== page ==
Rounding to the nearest ‘half’ is not easy and requires almost certainly that they have to write their own routine. A straightforward attempt is to double the number, then round it and then divide it by 2 again. E.g: 3.4 * 2 = 6.8 -> round it -> gives 7 then divide it -> 3.5 However. I can perfectly see how other people might do it differently and start out by trying to decide whether they should go up or down and then call different routines. That might have lead to a bug.

Secondly: you say: not that many languages round up. They actually do. Depending on the number. round(3.6)=4, round(3.4)=3. In most languages you have functions such as floor, ceil and round. Each with their own behavior.

Anonymous Coward says:

Conflict-of-interest and sleight-of-hand are nothing new in Hollywood. Maybe that’s why –to no one’s surprise– the major film studios that founded, owned, and ran the Academy Awards tended to give themselves the lions’ share of awards.

I’d be curious about Fandango’s rankings of movies made by Universal Pictures, which, like Fandango, is owned by Comcast.

PaulT (profile) says:

“As a company that sells movie tickets, Fandango obviously has a vested interest in not portraying the products it sells as absolute crap.”

Well…. Yes and no. In terms of an immediate sale, if someone’s looking at movies to buy at a particular time but don’t know what to watch, they might change their mind about going to a movie if everything’s badly rated at the time they wish to go.

But, long term? If people buy tickets for a lot of 3-4 star rated movies and they turn out to be utter crap, they may just decide to stop going to the movies and do something enjoyable with their time and money. At the very least, they’ll stop taking chances on movies they know so little about that their decision is swayed by a rating, thus perpetrating the sequel/remake/franchise obsession the industry currently has.

Anonymous Coward says:

Nearly all movies are crap

There is now an entire genre built around making movies from comic books — COMIC BOOKS. You know, some of the most worthless infantile garbage produced by our culture, absolutely disgusting aardvark vomit (to borrow your phrase). And yet now some of these projects are major Hollywood franchises.

Why? Because they appeal to the inferior people equipped with inferior minds — and there are plenty of those. Thus Hollywood makes a fortune off the morons among us. And they don’t have to stress themselves out thinking about characters or plot or anything else: just trot out a bunch of ridiculous action, put the CGI team to work, and ta-da: another two hours of opiate for the masses.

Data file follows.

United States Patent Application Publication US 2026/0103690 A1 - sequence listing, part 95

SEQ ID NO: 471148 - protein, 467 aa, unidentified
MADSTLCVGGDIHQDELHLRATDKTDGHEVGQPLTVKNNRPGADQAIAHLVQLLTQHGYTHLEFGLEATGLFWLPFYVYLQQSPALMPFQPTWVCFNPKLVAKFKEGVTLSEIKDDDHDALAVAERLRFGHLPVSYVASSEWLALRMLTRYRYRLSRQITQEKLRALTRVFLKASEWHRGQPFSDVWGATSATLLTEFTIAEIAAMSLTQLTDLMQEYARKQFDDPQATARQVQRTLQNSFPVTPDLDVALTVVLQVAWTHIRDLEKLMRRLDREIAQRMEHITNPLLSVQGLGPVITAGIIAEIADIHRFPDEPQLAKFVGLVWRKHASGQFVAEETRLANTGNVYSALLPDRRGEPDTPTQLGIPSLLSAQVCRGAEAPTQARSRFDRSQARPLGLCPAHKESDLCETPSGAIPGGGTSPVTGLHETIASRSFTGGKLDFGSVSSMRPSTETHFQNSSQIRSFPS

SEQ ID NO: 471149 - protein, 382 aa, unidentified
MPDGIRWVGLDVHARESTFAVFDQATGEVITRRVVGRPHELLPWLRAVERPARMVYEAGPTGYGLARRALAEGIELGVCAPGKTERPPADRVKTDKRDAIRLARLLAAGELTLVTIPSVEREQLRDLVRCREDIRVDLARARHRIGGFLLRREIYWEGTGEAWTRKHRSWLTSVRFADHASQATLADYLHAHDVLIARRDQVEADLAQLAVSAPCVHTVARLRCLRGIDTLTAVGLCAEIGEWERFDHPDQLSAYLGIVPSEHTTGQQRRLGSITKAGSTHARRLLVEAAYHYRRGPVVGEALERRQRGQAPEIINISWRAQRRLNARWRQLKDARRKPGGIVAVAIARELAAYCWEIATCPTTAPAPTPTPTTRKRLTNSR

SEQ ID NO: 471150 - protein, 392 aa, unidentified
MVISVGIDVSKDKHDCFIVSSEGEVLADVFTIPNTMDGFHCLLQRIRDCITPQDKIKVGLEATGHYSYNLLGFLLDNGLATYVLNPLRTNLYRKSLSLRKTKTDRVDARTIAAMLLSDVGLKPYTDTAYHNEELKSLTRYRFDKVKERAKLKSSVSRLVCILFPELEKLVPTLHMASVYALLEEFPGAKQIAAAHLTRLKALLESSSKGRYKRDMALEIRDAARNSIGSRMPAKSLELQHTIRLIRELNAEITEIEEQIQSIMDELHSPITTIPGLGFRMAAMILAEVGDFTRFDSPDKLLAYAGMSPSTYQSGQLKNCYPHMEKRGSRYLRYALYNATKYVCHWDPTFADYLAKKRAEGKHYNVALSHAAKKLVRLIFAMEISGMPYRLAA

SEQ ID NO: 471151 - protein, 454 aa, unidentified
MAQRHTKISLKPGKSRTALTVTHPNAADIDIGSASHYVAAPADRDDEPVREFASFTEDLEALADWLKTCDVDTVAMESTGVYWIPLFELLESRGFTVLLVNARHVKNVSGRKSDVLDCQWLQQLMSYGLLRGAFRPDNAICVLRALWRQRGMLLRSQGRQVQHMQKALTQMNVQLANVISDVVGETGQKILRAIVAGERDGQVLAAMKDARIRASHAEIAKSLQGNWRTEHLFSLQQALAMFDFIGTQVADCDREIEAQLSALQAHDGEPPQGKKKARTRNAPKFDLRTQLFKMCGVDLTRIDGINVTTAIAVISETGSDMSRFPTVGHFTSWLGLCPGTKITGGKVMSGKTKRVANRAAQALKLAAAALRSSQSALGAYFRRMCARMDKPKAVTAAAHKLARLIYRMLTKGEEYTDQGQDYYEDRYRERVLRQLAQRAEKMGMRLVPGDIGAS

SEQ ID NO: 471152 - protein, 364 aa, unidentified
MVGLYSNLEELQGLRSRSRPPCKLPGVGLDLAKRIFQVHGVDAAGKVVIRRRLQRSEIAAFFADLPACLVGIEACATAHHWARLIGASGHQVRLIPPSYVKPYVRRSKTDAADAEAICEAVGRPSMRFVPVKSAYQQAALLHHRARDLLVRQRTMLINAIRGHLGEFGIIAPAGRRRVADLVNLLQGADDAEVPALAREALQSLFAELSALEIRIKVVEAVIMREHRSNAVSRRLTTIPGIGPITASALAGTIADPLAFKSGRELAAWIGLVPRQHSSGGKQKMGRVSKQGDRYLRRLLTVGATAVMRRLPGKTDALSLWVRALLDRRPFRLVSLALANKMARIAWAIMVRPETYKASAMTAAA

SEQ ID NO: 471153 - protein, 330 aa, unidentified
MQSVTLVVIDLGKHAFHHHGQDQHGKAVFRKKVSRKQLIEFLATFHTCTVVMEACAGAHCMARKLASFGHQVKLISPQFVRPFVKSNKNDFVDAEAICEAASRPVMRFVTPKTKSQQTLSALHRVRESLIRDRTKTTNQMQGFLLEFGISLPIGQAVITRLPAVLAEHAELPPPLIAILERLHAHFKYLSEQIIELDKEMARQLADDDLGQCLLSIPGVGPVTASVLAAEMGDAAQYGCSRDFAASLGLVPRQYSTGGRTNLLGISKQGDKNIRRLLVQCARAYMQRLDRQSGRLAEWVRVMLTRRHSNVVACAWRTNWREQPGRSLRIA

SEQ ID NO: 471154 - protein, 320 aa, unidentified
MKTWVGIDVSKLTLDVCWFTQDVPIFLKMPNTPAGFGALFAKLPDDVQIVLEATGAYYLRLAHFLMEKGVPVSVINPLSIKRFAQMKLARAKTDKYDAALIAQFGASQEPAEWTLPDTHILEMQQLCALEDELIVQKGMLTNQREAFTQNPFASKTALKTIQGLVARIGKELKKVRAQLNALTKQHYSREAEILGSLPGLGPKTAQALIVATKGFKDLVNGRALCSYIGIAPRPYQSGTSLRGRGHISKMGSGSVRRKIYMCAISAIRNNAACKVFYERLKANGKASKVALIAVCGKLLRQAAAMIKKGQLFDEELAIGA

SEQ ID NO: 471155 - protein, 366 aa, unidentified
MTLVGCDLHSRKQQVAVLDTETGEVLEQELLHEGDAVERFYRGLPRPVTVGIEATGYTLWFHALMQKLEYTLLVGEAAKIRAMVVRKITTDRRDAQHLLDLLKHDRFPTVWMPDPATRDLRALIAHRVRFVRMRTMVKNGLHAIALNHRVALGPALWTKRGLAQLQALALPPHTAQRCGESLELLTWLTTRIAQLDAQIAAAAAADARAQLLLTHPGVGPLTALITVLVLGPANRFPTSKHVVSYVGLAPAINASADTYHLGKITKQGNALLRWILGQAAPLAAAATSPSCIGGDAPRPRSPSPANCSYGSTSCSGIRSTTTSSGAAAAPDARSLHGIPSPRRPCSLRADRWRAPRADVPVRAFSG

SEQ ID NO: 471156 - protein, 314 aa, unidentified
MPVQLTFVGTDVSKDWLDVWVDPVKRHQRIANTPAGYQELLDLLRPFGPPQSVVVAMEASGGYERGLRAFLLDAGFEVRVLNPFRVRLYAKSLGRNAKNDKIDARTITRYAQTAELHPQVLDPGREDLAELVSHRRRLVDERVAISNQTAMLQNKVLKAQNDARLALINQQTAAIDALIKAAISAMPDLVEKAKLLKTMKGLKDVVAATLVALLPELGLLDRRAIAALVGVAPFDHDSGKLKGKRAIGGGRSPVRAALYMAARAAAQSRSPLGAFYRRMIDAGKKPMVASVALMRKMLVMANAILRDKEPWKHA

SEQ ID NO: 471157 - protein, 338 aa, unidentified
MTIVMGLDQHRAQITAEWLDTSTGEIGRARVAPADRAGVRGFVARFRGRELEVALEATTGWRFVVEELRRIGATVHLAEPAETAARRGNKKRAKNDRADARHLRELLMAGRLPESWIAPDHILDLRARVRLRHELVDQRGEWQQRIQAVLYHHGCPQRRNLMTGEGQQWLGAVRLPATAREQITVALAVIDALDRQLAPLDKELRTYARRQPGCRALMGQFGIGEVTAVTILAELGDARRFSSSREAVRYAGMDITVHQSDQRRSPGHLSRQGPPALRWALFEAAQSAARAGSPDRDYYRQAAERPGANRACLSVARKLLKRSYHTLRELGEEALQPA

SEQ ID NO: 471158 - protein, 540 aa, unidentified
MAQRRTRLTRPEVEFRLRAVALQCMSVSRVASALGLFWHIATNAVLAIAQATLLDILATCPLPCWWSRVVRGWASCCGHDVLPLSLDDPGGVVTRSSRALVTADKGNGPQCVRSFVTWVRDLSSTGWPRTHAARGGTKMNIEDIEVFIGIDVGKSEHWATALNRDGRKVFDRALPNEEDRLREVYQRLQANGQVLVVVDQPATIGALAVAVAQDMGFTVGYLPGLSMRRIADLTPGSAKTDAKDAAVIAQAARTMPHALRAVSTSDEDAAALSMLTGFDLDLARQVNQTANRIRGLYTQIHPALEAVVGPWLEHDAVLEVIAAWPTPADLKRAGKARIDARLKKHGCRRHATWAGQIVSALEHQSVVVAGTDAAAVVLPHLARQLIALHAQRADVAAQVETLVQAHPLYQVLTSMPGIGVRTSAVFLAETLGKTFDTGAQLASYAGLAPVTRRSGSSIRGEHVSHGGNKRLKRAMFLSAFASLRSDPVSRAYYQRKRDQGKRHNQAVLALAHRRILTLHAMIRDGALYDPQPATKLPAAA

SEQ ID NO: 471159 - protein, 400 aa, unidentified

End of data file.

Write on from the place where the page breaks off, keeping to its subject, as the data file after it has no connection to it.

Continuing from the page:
There are porn films with better production values, character development, and storytelling than this drivel.

PaulT (profile) says:

Re: Nearly all movies are crap

“Nearly all movies are crap”

As has been the case since the invention of the medium. As is the case of most media, from novels to paintings to music. Your point?

“There is now an entire genre built around making movies from comic books — COMIC BOOKS”

Yes, and despite your spittle-flecked attack on them, they represent relatively few of the movies actually being produced. Tentpole features, sure, many (but certainly not all) of them successful.

But, there’s a huge number of other movies. According to Box Office Mojo, 552 movies have been released theatrically in the US this year so far. That obviously doesn’t count the many that have gone to DVD/VOD/streaming (not a mark of quality nowadays – as you mention, big dumb movies may be edging out smaller intelligent movies). It also doesn’t count the wealth of quality non-Hollywood cinema.

Yet, there seems to be less than 30 of those films based on comic books. Why are you so upset over a small minority of movies in a genre that’s existed for decades, and which has merely supplanted other mindless genres for the box office dollar? Are you honestly going to say that blockbusters of previous eras were better just because they weren’t based on comic books?

Why waste your time whining that movies that are popular don’t match your tastes? Why not champion the great many movies that have never been anywhere near a comic book, yet don’t have the marketing budget of those you despise? Ranting on a forum that you don’t like a particular genre won’t get films you like made. Helping to get those movies you prefer to be financially successful will.